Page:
Permission to Pose…Getting Started Part 2

Last week I met up with photographer and friend, to discuss a concept shoot that have been in the works for awhile. While talking over coffee one of the topics that came up was creating the story one wishes to portray with their pictures. This will be part two of a three part series that offers some key steps to cultivating your pinup image for a shoot!

In Getting Started Part 1 I discussed how to start brainstorming your photoshoots story, and how to build your concept binder. In this post I’m going to discuss fleshing out the direction and scenes you’d like to see in your photoshoot.

Some of the questions I’ll be answering are: How many scenes do you want to see in your shoot, and what would you like to see in those scenes (this doesn’t mean props or furniture you’d like to see. This means what are you doing in the scene, and what do you want the viewer to glean from the image)? Is there something specific you want to get across to the viewer? Do you want your shoot to be linear(following a direct story from start to finish) in style, or do you want it to be something that no matter the order of the pictures it still fits into your over arching concept? Do you have a specific style you want to incorporate that’s threaded throughout that links everything together cohesively?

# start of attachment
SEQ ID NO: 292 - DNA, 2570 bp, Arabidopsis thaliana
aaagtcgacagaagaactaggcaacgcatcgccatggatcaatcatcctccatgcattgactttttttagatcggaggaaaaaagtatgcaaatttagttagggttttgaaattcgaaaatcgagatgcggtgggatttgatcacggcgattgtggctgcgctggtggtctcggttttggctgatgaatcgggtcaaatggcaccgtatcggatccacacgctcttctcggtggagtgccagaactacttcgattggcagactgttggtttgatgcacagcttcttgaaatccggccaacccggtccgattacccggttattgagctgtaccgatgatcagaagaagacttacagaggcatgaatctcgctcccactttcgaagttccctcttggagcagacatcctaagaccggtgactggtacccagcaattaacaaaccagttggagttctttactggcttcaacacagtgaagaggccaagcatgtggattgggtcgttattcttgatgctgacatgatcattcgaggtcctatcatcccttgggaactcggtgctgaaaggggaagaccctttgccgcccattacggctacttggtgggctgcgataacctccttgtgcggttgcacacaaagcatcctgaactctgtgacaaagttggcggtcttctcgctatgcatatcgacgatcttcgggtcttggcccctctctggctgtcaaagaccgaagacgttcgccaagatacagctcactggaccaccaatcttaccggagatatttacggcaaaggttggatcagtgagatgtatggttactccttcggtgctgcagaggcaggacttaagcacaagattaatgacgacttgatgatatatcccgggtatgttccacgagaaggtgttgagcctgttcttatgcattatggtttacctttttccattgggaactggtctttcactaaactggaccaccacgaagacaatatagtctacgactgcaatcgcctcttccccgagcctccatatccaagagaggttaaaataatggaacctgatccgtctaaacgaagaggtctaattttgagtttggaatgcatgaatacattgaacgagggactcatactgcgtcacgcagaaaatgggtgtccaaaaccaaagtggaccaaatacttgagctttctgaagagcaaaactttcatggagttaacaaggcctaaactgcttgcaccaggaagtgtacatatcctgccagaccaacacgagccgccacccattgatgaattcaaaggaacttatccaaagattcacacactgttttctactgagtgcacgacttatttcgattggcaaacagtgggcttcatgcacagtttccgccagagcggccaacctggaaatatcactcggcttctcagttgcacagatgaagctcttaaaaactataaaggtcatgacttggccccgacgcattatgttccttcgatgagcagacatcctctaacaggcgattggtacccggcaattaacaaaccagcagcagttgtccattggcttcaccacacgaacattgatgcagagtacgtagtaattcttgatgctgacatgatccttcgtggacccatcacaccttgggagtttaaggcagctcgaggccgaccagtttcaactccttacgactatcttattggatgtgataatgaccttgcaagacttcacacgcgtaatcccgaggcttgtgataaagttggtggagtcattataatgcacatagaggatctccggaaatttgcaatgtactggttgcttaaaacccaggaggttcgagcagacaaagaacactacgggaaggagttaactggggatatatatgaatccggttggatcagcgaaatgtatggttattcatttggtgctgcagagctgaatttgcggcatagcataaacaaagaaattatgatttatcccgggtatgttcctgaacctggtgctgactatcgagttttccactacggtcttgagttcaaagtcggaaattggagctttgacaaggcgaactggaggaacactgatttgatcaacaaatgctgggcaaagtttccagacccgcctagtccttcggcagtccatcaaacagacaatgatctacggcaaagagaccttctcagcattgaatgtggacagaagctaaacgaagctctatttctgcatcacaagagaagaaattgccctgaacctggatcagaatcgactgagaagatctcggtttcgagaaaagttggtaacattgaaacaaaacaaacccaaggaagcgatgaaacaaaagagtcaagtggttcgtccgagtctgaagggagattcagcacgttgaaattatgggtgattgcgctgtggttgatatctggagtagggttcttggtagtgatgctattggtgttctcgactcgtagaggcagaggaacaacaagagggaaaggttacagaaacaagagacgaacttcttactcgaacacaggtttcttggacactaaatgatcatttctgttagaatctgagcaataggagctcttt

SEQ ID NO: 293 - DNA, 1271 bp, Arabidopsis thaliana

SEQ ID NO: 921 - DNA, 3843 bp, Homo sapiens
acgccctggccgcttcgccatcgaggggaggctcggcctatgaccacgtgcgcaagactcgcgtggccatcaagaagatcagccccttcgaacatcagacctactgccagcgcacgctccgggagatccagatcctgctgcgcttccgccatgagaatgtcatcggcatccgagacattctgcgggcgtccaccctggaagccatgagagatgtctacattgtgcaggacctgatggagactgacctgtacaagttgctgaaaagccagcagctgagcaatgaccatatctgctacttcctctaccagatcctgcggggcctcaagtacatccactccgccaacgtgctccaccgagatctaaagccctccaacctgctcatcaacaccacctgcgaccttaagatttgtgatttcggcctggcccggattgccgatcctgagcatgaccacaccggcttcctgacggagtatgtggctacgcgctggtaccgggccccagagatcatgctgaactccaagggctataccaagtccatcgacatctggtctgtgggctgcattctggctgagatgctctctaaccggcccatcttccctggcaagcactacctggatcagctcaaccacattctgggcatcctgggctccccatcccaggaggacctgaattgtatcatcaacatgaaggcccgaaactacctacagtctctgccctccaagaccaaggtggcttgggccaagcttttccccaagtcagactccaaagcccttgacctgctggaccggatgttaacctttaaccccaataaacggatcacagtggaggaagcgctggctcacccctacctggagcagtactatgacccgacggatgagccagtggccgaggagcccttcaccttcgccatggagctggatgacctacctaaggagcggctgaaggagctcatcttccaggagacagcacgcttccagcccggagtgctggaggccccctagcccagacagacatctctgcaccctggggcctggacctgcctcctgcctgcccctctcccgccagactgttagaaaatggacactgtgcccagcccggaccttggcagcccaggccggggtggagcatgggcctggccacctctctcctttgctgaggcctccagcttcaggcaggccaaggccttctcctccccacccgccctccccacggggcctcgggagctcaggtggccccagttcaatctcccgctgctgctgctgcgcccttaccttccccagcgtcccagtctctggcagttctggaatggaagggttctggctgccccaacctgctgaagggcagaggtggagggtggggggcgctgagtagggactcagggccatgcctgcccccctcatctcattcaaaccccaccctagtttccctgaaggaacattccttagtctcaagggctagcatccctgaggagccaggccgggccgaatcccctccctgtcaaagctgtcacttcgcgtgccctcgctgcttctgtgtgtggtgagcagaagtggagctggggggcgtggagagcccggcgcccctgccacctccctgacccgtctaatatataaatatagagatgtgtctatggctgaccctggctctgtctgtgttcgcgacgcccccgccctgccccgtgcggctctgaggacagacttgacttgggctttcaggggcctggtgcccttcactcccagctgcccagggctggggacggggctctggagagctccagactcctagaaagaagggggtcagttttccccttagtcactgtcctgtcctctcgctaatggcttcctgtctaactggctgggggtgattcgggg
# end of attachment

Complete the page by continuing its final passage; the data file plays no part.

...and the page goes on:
To make this easy and to not feel so overwhelmed while storyboarding I break the conglomerate of questions into the five W’s (who, what, when, where, and why- sometimes I add how). I’ll be writing out the original questions Next to which “W” they belong to, along with some supplemental questions to answer while storyboarding your shoots. When you actually start storyboarding just write out the the “W’s”. Working with my previous example (Alice in Wonderland) this is what it might look like:

Concept: Alice In Wonderland 

Who: Who are you trying to reach? Who is this shoot for? Who am I portraying?- I am doing this for fun, I am not trying to reach anyone. This shoot is for myself, and pushing my boundaries as a model. I am portraying Alice, but in this version Alice sees how different characters she interacted with as a child are actually pieces of her personality. 

What/How: What would you like to see in the different scenes? How many scenes? What are you trying to portray or get across to the viewer? What does this concept mean to me?- I would like to take 8-10 of the major points/characters in Alice in Wonderland and show how she use to think that those things were outside her but are really just different pieces of her. The scenes of the book and the characters I’d like to touch on are: 1. Alice (she is the constant in the photos, starting with her in the tree reading again as an adult right before she falls down the rabbit hole.) 2. White Rabbit (As Alice falls down the rabbit hole, or goes through the looking glass we see her starting to take on some of the white rabbits attributes. She’s holding the pocket watch, her dress looks a bit more uniform). Alice in Wonderland is my favorite story of all time and I love the idea of being able to take the story and make it my own. Obviously, if I was storyboarding completely I’d write out all 8 scenes I like to use with as much detail as I can. I would also make a collage for each scene.